Bruce McAleer has this bike ride suggestion from Créteil to the Champs-Élysées based on Stage 21 of 2011 Tour de France route.
Every year, the final stage of the Tour de France ends on the Champs-Élysées in Paris, but the towns it goes through en route are always different. In 2011, the Tour went through the Val-de-Marne département – one of metropolitan France's 95 administrative divisions, which lies south-east of the city.
The part south of Paris stretching along the Seine has historically been industrial and working class, while the eastern part along the river Marne and Bois de Vincennes are more residential. These towns east of Paris can make delightful, off-the-beaten path destinations for cycle tourists in Paris. There are pedestrian and bike lanes along the Marne, making for very pleasant cycle rides out of Paris.
The starting point of the last stage of the 2011 Tour was Créteil, which borders the river Marne and is the chef-lieu (capital) of the Val-de-Marne, therefore a major administrative centre. Créteil tends to remind French people of ambitious 1960s architecture (it is famous for its 'choux' - literally 'cabbages' - the nickname given to its strange circular mid-rise condo towers), France's first shopping mall 'Créteil Soleil', its courthouse, one of the branches of the Paris University, and a large number of housing projects.
Fewer people are familiar with Créteil's old town, which has a lively pedestrian shopping street and the medieval St Christophe Church, near the rural and bucolic Ile Sainte Catherine island and its river banks. This little known haven of peace and greenery is perfect for boating in the shade on hot summer days and offers a stark contrast with the concrete and glass jungle in the rest of the suburb.
A tribute to Laurent Fignon
Créteil is also home to numerous prominent sports clubs and athletes; the twice Tour de France winner Laurent Fignon was a member of the Créteil cycling club. The 2011 Tour paid homage to Fignon, who died in 2010 just one month after covering that year's Tour de France for French TV. His admirers can pay their respects to him at the famous Père Lachaise cemetery in eastern Paris, where numerous other famous personalities are buried, including Oscar Wilde, Jim Morrison and Chopin.
After Créteil, the ride loops west through the towns of Vitry-sur-Seine, Ivry-sur-Seine and Alfortville, all industrial towns along the Seine, before heading back east towards Saint-Maur-des-Fossés, a posh town neighbouring Créteil.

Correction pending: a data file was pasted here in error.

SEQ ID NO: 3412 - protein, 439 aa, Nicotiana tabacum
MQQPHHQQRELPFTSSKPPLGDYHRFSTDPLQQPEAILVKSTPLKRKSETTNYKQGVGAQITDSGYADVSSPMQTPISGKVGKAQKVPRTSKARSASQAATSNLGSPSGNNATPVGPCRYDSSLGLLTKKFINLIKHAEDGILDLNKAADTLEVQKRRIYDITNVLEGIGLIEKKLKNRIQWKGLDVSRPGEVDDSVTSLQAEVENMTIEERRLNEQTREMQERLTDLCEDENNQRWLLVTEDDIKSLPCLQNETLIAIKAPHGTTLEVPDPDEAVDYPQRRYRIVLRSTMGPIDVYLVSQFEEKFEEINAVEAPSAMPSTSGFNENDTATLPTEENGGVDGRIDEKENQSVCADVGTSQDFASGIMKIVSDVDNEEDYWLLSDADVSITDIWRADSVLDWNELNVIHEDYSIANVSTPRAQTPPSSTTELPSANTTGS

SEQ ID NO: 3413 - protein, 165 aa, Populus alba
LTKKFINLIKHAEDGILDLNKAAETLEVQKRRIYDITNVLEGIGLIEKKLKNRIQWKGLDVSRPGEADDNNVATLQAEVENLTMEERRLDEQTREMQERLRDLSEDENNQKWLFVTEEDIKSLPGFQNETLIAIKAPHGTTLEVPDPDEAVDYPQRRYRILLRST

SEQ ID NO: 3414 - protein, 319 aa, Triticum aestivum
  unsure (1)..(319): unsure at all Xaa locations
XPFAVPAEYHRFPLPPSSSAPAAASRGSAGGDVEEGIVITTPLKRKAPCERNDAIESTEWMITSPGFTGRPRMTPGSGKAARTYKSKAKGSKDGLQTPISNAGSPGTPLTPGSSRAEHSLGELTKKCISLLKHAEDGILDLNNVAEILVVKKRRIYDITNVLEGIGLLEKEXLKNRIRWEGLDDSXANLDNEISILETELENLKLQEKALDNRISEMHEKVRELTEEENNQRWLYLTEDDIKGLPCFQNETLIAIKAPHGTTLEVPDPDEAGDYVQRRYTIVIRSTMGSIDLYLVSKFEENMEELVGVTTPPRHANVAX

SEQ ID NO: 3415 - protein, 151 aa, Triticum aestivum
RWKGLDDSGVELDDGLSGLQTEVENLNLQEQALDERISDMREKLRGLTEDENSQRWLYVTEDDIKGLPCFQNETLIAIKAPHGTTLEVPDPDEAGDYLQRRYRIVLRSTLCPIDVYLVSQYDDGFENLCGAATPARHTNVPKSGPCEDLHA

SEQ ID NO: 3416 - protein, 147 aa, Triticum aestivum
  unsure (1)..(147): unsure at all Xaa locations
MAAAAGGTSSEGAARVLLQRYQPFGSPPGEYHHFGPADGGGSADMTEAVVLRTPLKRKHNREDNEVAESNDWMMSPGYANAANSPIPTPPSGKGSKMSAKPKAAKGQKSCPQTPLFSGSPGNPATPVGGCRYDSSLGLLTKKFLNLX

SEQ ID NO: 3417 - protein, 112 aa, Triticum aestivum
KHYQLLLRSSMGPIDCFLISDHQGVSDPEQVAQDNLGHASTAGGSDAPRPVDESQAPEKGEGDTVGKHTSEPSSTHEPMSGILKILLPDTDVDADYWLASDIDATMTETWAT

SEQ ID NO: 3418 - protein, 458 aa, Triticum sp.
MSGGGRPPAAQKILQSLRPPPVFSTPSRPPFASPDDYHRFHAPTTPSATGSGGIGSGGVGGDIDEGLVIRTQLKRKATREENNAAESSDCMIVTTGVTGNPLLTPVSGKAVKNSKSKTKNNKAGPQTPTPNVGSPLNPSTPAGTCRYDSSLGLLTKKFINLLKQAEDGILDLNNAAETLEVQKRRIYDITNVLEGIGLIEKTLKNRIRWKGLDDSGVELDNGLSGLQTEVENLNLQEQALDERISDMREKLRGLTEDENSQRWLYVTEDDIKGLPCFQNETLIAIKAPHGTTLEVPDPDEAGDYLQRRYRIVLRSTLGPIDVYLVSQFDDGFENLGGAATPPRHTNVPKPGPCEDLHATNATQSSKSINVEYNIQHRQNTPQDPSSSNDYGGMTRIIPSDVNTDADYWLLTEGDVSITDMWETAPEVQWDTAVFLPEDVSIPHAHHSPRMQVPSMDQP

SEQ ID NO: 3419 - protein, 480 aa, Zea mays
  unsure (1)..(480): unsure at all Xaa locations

In Saint-Maur, it passes the imposing Art Déco building of the renowned Lycée Marcellin Berthelot (Senegalese poet and future President Léopold Sedar Senghor taught French literature there in the late 1930s) before heading north across the bridge to Champigny.
The Saint-Maur route marks the eastern edge of the oldest part of the town, Le Vieux Saint-Maur. It has a lovely park with the ruins of an abbey founded in 639 by the queen Nanthilde, making it one of the oldest abbeys in France. The abbey was sacked and rebuilt several times before it was completely demolished sometime shortly after 1750. My favourite feature in the abbey grounds has no sign pointing to its location and nothing to even hint at its existence, but in the far rear right corner and high up on the hill sits a piece of pre-historic history in the form of a menhir (an ancient standing stone from the Neolithic period (roughly 4,500BC to 1,500BC). The menhir, despite having been moved from its original position due to vandalism, has survived as a pagan monument in the midst of the most Christian of places.
A place of pilgrimage
Just a few metres from the abbey is the square of Le Vieux Saint-Maur. You'll notice the St Nicolas medieval church, dated to the 13th century but likely originally built prior to the 10th or 11th century, and is a hodge podge of Romanesque, early gothic and modern renovation. In the back right corner of the church is a wooden sculpture of the Virgin Mary in polychrome paint. There are signs in the church and in the abbey grounds that give conflicting versions of how this statue came to be but I'll give you the short version where both stories intersect. The statue was carved in 1069AD by a sculptor who was working on the statue when he was called outside by his master. Upon his return, the statue was miraculously completed. Thus the church became widely known and visited by the faithful and was an important stopover on the pilgrimage trail to Santiago de Compostela.